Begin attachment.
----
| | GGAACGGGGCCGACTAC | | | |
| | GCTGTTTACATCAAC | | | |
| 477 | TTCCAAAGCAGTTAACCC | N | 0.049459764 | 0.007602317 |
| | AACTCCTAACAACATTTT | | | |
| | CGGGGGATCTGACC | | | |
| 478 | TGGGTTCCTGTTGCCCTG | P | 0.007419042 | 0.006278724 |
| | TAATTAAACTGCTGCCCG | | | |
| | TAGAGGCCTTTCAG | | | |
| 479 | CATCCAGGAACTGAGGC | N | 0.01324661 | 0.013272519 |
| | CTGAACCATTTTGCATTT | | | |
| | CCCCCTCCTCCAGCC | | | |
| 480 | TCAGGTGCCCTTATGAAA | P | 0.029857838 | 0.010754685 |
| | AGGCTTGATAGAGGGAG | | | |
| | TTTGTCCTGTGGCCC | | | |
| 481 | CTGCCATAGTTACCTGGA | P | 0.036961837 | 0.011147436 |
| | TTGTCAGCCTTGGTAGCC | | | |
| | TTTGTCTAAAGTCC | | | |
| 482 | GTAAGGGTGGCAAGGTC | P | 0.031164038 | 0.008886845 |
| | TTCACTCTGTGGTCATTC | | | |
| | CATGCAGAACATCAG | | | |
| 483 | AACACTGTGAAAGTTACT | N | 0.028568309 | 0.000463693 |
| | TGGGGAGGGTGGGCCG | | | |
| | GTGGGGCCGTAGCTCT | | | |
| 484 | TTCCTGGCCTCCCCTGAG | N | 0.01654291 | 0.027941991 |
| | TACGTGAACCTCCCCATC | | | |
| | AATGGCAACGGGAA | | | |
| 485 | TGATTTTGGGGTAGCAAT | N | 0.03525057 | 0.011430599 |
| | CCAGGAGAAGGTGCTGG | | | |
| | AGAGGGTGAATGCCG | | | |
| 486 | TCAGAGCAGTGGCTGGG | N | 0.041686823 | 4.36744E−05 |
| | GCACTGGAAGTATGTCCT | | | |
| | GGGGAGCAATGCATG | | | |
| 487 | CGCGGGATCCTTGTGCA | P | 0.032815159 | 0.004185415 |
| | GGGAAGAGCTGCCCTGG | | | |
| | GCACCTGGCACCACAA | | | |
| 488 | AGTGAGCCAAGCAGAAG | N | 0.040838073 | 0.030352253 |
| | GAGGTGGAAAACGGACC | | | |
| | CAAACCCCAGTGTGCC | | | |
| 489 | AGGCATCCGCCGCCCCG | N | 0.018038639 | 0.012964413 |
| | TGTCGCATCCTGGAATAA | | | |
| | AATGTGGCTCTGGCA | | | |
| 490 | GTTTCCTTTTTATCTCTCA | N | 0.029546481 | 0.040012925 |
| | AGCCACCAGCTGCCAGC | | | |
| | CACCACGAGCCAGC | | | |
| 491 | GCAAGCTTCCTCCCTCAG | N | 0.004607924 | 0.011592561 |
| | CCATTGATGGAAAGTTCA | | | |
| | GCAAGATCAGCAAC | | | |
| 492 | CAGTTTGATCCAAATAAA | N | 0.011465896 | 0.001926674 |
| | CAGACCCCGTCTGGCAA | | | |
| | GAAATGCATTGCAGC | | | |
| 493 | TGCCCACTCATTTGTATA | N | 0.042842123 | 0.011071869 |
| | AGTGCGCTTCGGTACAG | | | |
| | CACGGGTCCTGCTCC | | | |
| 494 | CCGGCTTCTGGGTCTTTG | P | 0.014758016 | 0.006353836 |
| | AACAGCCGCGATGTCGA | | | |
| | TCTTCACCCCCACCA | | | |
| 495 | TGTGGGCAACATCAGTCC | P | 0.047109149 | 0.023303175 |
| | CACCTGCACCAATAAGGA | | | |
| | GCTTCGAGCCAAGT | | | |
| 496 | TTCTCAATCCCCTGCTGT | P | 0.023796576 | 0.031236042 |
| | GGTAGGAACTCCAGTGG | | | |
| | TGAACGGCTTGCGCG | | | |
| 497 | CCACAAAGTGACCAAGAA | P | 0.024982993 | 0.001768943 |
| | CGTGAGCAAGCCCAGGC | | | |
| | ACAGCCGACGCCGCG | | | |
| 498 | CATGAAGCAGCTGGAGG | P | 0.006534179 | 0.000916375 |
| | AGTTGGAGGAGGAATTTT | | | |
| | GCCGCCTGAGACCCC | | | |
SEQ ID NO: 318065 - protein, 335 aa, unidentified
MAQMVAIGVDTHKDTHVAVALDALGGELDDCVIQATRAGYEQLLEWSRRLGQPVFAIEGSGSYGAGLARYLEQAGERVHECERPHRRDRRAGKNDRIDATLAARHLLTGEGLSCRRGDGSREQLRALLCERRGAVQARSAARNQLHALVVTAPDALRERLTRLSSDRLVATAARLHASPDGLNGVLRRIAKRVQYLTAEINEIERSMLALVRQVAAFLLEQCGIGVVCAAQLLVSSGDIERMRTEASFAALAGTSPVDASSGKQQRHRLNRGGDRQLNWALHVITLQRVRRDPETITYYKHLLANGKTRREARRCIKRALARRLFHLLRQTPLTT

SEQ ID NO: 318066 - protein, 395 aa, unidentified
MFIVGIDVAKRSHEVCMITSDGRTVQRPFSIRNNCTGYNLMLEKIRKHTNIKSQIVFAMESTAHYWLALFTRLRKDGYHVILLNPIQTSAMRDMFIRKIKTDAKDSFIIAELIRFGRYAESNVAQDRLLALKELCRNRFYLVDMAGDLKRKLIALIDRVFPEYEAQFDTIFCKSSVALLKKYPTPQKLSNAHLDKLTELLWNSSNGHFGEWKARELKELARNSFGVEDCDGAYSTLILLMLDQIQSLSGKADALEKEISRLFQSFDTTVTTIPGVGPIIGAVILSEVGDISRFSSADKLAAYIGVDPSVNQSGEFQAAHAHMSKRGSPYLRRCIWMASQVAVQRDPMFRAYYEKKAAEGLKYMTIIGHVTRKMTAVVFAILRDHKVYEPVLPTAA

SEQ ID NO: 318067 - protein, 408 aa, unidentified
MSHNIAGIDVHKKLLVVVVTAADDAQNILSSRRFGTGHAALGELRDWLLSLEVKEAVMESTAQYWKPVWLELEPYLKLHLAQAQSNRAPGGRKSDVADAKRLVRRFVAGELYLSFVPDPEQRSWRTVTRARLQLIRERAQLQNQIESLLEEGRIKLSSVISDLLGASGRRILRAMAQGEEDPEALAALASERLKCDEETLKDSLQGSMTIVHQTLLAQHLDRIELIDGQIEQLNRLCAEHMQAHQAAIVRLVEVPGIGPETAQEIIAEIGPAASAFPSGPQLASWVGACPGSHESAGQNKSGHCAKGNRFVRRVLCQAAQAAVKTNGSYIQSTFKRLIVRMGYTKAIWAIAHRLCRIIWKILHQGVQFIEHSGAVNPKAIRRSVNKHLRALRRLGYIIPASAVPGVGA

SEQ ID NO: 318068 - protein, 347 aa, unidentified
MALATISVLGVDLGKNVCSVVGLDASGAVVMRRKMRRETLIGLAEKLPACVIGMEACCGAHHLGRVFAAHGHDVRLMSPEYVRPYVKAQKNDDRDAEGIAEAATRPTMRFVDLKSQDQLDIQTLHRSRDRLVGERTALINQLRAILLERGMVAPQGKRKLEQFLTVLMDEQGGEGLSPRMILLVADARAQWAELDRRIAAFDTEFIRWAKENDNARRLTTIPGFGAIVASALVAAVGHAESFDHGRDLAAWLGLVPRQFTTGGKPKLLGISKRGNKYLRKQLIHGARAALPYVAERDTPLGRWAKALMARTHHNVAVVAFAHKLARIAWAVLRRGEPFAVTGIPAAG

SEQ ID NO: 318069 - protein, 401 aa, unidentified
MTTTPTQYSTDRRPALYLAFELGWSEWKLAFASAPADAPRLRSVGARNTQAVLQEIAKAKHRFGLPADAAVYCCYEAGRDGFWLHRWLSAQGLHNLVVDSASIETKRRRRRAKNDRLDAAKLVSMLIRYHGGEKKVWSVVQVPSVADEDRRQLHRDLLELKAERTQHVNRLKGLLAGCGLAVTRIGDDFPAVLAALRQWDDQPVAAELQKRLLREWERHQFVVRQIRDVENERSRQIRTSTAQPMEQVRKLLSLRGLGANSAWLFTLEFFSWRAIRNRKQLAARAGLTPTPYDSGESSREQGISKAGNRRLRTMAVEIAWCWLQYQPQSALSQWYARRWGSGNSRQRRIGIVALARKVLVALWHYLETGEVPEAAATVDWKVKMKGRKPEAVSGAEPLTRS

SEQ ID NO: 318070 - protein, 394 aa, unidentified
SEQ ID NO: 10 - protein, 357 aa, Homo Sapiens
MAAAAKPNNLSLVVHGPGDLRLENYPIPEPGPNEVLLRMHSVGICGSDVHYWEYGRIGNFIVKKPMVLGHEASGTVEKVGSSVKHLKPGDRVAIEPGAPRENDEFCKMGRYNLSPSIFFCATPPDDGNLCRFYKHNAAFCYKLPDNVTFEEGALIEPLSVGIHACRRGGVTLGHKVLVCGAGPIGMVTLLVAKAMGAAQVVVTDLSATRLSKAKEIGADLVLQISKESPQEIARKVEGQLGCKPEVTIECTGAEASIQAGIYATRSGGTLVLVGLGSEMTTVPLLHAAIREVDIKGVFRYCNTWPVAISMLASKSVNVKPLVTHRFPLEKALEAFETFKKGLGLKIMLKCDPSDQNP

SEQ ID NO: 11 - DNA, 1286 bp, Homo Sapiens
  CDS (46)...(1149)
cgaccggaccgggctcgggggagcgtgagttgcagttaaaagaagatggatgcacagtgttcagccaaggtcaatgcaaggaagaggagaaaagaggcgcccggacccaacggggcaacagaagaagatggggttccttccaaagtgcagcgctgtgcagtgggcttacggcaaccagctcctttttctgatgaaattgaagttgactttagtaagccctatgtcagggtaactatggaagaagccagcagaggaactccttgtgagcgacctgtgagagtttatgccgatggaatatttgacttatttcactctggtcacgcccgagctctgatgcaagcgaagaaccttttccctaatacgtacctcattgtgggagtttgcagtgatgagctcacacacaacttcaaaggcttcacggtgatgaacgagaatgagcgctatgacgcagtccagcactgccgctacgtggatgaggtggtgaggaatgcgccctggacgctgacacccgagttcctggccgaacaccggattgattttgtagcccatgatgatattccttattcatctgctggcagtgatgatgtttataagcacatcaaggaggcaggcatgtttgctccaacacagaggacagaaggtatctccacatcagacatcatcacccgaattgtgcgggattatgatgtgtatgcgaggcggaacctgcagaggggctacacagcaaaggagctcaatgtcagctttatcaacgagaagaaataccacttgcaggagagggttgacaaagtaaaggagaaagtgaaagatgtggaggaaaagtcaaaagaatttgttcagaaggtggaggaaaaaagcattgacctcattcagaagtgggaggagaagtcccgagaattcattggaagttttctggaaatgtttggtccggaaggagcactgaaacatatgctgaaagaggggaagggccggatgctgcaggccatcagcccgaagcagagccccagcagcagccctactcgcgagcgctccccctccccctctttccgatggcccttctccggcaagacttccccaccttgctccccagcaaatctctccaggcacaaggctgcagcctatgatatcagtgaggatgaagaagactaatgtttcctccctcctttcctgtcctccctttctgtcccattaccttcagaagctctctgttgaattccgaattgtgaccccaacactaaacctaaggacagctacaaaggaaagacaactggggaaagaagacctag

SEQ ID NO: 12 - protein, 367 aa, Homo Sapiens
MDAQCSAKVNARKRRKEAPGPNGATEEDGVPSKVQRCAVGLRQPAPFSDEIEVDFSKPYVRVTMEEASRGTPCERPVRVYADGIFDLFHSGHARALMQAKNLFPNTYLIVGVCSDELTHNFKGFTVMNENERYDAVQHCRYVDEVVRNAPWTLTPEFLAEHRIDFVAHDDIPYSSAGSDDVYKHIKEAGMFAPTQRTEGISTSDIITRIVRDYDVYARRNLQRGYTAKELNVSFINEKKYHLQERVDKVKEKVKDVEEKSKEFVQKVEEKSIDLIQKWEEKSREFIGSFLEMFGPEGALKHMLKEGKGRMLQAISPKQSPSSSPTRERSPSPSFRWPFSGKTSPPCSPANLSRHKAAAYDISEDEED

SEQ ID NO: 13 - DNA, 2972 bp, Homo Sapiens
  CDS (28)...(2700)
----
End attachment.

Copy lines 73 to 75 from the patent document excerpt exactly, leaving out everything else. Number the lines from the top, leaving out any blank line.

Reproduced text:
SEQ ID NO: 318067 - protein, 408 aa, unidentified
MSHNIAGIDVHKKLLVVVVTAADDAQNILSSRRFGTGHAALGELRDWLLSLEVKEAVMESTAQYWKPVWLELEPYLKLHLAQAQSNRAPGGRKSDVADAKRLVRRFVAGELYLSFVPDPEQRSWRTVTRARLQLIRERAQLQNQIESLLEEGRIKLSSVISDLLGASGRRILRAMAQGEEDPEALAALASERLKCDEETLKDSLQGSMTIVHQTLLAQHLDRIELIDGQIEQLNRLCAEHMQAHQAAIVRLVEVPGIGPETAQEIIAEIGPAASAFPSGPQLASWVGACPGSHESAGQNKSGHCAKGNRFVRRVLCQAAQAAVKTNGSYIQSTFKRLIVRMGYTKAIWAIAHRLCRIIWKILHQGVQFIEHSGAVNPKAIRRSVNKHLRALRRLGYIIPASAVPGVGA

SEQ ID NO: 318068 - protein, 347 aa, unidentified